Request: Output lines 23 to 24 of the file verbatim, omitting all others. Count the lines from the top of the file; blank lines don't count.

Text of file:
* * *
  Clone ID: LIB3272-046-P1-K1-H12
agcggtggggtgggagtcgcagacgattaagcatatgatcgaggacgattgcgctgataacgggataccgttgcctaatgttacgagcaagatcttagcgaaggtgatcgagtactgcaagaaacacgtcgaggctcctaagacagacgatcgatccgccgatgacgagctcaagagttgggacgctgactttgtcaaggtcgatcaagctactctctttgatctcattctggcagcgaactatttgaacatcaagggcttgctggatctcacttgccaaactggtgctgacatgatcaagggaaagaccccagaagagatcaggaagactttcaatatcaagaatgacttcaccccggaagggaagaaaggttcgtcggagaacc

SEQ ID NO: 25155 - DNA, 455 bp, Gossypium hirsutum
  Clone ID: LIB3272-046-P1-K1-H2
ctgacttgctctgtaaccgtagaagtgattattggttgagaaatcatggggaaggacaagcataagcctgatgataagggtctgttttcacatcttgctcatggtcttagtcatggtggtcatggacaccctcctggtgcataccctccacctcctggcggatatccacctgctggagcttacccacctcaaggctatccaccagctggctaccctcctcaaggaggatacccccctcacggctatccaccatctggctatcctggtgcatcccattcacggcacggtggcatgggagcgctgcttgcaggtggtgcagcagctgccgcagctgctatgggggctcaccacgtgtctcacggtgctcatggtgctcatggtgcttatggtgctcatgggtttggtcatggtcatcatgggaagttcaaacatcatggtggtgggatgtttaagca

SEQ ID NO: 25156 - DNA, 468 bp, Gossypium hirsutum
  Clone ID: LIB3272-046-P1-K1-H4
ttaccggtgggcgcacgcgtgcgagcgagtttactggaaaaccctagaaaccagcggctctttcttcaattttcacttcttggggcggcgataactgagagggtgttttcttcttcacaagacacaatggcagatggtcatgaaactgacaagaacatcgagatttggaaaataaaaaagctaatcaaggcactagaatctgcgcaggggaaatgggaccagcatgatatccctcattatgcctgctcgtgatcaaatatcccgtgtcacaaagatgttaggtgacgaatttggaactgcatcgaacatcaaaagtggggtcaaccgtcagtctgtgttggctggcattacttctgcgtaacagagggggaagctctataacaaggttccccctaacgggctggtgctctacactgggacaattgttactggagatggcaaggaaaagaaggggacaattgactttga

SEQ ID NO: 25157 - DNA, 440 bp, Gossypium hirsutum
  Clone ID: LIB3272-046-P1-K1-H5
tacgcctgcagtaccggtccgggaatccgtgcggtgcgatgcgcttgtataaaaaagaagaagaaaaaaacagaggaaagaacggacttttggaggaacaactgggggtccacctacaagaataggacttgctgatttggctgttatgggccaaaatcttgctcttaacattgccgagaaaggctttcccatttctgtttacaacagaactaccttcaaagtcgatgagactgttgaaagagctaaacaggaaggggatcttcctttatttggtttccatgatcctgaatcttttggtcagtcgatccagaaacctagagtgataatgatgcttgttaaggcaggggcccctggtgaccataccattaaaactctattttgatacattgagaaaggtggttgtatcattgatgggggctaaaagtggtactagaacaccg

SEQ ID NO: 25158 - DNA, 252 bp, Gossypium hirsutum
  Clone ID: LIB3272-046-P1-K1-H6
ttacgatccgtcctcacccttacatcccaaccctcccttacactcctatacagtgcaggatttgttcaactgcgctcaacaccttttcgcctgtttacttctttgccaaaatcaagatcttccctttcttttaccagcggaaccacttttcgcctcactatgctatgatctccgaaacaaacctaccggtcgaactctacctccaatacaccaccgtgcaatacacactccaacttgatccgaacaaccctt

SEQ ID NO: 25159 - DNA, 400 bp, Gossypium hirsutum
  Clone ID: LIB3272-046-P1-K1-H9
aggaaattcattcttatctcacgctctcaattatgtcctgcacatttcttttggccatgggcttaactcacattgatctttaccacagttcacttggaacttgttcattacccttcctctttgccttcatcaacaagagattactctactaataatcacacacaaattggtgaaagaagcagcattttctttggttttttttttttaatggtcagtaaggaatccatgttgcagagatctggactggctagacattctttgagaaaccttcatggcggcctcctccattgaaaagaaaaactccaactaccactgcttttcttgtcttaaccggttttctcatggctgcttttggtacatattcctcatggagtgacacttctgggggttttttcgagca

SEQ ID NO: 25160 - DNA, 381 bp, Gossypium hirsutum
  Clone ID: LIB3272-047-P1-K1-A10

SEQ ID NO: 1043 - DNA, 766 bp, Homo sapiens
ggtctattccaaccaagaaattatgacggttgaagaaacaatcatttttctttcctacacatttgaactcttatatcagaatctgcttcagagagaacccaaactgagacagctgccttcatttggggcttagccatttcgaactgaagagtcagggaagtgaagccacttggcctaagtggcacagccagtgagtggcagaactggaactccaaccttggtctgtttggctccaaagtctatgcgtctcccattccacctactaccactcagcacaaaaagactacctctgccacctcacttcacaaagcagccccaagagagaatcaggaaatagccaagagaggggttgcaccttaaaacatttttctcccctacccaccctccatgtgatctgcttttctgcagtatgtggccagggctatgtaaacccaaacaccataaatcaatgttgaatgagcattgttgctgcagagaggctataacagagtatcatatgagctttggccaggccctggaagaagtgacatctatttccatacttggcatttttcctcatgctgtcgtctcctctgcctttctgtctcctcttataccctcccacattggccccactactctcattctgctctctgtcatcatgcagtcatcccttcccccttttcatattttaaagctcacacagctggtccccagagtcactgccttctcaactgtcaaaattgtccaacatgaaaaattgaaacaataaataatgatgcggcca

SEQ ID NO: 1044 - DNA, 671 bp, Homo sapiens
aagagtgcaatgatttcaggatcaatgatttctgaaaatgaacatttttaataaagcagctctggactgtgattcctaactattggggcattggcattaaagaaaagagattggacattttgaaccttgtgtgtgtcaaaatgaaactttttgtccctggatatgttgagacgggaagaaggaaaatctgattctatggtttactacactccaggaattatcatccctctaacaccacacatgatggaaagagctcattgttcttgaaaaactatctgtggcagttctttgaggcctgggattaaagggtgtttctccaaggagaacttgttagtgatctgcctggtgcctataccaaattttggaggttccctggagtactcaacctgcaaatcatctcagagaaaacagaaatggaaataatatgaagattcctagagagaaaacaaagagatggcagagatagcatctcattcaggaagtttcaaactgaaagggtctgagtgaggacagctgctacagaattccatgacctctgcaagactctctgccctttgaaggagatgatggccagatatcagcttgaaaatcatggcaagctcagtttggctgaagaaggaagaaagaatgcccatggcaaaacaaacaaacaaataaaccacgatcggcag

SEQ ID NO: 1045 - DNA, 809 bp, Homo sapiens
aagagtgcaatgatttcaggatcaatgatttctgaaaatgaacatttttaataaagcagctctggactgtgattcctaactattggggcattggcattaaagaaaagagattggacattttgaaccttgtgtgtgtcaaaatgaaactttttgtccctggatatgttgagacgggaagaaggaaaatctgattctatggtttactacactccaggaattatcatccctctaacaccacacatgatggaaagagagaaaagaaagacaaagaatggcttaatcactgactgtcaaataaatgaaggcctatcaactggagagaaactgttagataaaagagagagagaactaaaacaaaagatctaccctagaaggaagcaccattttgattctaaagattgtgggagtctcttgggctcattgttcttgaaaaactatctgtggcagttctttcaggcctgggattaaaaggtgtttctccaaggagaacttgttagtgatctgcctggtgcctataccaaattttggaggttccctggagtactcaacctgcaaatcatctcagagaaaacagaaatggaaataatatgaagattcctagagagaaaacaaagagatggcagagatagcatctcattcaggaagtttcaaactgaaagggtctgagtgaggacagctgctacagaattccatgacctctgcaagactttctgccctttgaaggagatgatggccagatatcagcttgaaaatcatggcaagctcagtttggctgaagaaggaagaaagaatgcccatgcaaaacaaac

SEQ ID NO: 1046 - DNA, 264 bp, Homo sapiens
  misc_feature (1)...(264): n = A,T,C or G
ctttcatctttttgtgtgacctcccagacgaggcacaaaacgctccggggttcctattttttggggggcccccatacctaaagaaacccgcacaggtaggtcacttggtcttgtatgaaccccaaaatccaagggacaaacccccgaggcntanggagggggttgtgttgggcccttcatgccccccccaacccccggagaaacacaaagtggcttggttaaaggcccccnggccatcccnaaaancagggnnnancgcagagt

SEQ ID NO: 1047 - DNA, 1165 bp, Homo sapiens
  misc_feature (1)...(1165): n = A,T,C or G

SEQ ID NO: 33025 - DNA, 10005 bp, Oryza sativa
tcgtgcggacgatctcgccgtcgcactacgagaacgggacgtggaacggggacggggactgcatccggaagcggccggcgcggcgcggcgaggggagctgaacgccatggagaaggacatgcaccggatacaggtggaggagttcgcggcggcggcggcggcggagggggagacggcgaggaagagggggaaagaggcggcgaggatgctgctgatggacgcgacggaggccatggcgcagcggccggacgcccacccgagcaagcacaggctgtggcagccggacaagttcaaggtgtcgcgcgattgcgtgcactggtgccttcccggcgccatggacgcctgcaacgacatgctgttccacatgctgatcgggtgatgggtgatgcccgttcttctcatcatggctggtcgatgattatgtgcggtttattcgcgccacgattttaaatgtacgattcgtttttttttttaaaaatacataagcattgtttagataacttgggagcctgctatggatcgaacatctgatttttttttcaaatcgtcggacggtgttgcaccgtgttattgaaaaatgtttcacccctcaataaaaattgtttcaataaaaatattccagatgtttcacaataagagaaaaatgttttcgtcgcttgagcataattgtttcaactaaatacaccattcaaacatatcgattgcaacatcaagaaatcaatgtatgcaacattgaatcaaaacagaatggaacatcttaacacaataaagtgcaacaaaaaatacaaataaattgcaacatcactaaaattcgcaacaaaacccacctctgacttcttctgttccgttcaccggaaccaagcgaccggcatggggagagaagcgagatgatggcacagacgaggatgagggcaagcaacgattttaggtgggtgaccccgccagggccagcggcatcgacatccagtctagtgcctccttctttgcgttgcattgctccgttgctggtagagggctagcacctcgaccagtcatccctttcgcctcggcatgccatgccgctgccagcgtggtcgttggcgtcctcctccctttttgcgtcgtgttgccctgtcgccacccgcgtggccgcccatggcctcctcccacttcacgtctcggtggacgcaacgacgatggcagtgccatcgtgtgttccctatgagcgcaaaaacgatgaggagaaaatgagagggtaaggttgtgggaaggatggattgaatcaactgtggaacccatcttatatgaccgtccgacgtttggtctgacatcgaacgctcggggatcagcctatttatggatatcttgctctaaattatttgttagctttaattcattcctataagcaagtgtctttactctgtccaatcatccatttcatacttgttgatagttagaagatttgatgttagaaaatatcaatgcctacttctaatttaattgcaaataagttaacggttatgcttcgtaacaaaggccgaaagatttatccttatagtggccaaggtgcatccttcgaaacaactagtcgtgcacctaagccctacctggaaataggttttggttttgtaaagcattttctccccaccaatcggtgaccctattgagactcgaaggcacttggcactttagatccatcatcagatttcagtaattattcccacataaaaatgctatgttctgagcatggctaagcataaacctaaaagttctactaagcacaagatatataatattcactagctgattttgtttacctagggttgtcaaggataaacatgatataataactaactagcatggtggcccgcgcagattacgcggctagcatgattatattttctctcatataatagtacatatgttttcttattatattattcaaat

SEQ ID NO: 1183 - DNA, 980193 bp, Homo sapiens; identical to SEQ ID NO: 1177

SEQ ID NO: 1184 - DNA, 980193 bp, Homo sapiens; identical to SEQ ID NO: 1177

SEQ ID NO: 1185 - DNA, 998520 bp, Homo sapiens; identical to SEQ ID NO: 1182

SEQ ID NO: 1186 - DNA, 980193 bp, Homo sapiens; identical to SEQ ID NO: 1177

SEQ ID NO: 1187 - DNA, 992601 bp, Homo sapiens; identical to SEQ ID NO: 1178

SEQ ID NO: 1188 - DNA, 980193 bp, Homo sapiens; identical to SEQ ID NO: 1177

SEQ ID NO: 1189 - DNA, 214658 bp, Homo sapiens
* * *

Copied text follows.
aagagtgcaatgatttcaggatcaatgatttctgaaaatgaacatttttaataaagcagctctggactgtgattcctaactattggggcattggcattaaagaaaagagattggacattttgaaccttgtgtgtgtcaaaatgaaactttttgtccctggatatgttgagacgggaagaaggaaaatctgattctatggtttactacactccaggaattatcatccctctaacaccacacatgatggaaagagctcattgttcttgaaaaactatctgtggcagttctttgaggcctgggattaaagggtgtttctccaaggagaacttgttagtgatctgcctggtgcctataccaaattttggaggttccctggagtactcaacctgcaaatcatctcagagaaaacagaaatggaaataatatgaagattcctagagagaaaacaaagagatggcagagatagcatctcattcaggaagtttcaaactgaaagggtctgagtgaggacagctgctacagaattccatgacctctgcaagactctctgccctttgaaggagatgatggccagatatcagcttgaaaatcatggcaagctcagtttggctgaagaaggaagaaagaatgcccatggcaaaacaaacaaacaaataaaccacgatcggcag

SEQ ID NO: 1045 - DNA, 809 bp, Homo sapiens